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‘Weak and vague’

What is going on with the UK’s defence industry?

In the past month Ultra Electronics and Meggitt, hardly household names but critical players when it comes to the UK’s defence sector, have been lined up to be taken over by leading US private equity companies and corporates.

Ultra’s board has said that it has agreed to a £2.6bn takeover from its US-owned rival Cobham, while Meggitt is set to be bought by Parker Hannifin for over £6bn.

Should we be worried? Well, back in 2019 Cobham was itself acquired by Advent, a US private equity company, and that was accompanied by a series of binding commitments that covered thing things like research and development, UK investment as well as a commitment to ‘sovereign defence capabilities’. So what happened next is surely a concern. No sooner had it put pen to paper than Advent decided to sell off essentially half the business which included Cobham Mission Systems, its air-to-air refuelling business and seen by many as a prime asset, along with its antennas and radios operation with both divisions being sold to US competitors. Cobham has no manufacturing sites in the UK today despite sticking to the ‘binding commitments’ it made to the government.

Driven by access to cheap money there have been a spate of US takeovers of UK defence companies and questions have now been raised over the impact this could have on the UK’s national interest.

As a consequence, the UK Government has come under growing criticism over its stance in relation to the acquisition of these UK businesses.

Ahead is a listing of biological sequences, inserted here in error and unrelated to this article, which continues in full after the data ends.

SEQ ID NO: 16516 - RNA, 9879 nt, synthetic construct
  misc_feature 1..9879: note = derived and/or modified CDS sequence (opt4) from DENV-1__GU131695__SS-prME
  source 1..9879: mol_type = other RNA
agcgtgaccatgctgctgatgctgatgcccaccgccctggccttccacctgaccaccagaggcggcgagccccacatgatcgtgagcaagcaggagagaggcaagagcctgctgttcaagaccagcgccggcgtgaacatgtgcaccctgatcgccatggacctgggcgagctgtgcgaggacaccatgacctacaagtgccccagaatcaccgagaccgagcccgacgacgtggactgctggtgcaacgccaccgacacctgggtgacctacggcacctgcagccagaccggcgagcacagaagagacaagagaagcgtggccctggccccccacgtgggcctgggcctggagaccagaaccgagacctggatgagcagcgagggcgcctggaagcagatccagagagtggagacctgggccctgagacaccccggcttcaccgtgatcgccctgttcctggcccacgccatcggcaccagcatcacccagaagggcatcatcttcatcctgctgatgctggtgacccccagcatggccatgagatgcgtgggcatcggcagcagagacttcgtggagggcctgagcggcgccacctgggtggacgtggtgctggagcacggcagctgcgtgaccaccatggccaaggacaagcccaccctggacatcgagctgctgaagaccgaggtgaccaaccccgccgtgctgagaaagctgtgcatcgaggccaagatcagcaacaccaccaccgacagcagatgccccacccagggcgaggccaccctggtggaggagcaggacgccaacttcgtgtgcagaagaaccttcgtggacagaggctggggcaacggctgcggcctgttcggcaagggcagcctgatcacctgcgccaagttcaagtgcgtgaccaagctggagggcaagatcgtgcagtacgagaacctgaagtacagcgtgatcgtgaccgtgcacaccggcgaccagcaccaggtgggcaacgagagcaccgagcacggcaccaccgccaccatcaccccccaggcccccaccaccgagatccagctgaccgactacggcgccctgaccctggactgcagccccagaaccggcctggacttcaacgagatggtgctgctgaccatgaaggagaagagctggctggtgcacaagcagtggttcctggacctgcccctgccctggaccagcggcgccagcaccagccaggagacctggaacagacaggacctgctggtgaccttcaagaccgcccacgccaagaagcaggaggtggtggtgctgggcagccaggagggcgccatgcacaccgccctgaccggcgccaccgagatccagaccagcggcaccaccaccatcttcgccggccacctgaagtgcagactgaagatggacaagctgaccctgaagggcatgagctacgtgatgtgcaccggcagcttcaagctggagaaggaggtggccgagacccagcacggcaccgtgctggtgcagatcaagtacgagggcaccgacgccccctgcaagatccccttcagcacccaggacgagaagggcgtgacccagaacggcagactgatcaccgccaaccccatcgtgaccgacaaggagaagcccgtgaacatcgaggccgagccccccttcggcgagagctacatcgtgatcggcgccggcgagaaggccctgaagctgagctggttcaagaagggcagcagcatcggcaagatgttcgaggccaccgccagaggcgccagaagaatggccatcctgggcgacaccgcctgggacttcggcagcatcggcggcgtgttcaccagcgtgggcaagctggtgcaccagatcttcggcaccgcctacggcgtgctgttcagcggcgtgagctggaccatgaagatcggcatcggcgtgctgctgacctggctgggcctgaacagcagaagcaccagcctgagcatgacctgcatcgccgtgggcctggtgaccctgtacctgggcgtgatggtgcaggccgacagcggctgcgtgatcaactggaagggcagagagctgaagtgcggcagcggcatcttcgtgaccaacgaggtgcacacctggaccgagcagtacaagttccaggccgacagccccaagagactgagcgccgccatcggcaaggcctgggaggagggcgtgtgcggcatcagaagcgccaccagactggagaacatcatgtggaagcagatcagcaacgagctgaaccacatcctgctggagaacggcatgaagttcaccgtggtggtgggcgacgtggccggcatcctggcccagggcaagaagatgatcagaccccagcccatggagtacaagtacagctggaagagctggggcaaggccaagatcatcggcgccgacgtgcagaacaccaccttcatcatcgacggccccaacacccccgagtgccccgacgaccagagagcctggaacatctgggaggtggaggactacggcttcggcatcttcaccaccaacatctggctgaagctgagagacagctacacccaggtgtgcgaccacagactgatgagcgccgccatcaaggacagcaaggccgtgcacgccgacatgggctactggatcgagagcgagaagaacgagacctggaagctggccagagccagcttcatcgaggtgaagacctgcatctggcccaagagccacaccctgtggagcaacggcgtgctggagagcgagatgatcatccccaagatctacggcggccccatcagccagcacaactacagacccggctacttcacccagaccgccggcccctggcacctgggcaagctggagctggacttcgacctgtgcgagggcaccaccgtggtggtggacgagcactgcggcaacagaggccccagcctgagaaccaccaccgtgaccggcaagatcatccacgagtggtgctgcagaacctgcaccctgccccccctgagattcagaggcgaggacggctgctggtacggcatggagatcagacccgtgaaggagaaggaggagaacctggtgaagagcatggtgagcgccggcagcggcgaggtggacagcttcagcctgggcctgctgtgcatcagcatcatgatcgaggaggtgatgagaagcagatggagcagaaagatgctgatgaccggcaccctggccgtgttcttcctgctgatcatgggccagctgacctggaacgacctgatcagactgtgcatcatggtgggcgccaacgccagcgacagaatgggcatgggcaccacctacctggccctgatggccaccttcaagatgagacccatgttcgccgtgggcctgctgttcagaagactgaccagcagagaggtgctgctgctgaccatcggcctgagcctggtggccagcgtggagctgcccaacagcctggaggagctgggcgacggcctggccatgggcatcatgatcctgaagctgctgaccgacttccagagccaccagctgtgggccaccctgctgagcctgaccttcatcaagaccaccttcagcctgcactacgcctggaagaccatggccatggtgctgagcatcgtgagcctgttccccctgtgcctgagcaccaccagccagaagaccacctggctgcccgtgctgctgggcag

While the government, in the form of Kwasi Kwarteng the business secretary, have said that they are ‘closely monitoring’ these deals, critics have called that response both ‘weak’ and ‘vague’.

There are worries not just over these deals being a threat to national security but over the business models being deployed and fears over future governance.

In truth, the assurances being offered by those bidding for these UK companies – based on Advent’s previous track record – provide little in terms of guarantees. In fact the legally binding commitments being proffered aren’t intended to last for ever. Let’s face it the business model of private equity is to make money by selling assets.

As we got to press it seems that after mounting pressure the UK Government has responded and announced a formal inquiry into Cobham’s bid for Ultra Electronics to consider the deals’ national security implications.

The big question remains, however, does the UK Government think it’s important to have a UK-owned specialist defence industry or not?

Author
Neil Tyler

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